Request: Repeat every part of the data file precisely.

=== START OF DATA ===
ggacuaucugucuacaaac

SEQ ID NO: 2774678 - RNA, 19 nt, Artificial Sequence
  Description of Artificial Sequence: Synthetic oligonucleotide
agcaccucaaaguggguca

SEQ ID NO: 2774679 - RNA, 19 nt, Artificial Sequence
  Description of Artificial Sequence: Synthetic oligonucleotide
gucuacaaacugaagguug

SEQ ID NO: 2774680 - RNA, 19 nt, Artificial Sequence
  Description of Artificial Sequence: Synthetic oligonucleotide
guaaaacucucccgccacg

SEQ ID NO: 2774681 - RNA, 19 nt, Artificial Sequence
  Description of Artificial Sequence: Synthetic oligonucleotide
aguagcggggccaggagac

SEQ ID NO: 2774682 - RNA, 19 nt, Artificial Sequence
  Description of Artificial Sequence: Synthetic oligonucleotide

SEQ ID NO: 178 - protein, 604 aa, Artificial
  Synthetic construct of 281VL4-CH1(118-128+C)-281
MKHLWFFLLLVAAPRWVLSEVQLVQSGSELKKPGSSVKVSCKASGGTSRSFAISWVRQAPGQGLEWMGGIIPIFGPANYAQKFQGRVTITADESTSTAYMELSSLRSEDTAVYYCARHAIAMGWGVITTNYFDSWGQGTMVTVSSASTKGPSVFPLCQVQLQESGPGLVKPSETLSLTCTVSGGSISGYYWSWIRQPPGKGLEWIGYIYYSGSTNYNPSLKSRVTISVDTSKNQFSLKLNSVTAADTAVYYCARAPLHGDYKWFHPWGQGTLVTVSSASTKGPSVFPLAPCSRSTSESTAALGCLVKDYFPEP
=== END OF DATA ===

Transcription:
ggacuaucugucuacaaac

SEQ ID NO: 2774678 - RNA, 19 nt, Artificial Sequence
  Description of Artificial Sequence: Synthetic oligonucleotide
agcaccucaaaguggguca

SEQ ID NO: 2774679 - RNA, 19 nt, Artificial Sequence
  Description of Artificial Sequence: Synthetic oligonucleotide
gucuacaaacugaagguug

SEQ ID NO: 2774680 - RNA, 19 nt, Artificial Sequence
  Description of Artificial Sequence: Synthetic oligonucleotide
guaaaacucucccgccacg

SEQ ID NO: 2774681 - RNA, 19 nt, Artificial Sequence
  Description of Artificial Sequence: Synthetic oligonucleotide
aguagcggggccaggagac

SEQ ID NO: 2774682 - RNA, 19 nt, Artificial Sequence
  Description of Artificial Sequence: Synthetic oligonucleotide

SEQ ID NO: 178 - protein, 604 aa, Artificial
  Synthetic construct of 281VL4-CH1(118-128+C)-281
MKHLWFFLLLVAAPRWVLSEVQLVQSGSELKKPGSSVKVSCKASGGTSRSFAISWVRQAPGQGLEWMGGIIPIFGPANYAQKFQGRVTITADESTSTAYMELSSLRSEDTAVYYCARHAIAMGWGVITTNYFDSWGQGTMVTVSSASTKGPSVFPLCQVQLQESGPGLVKPSETLSLTCTVSGGSISGYYWSWIRQPPGKGLEWIGYIYYSGSTNYNPSLKSRVTISVDTSKNQFSLKLNSVTAADTAVYYCARAPLHGDYKWFHPWGQGTLVTVSSASTKGPSVFPLAPCSRSTSESTAALGCLVKDYFPEP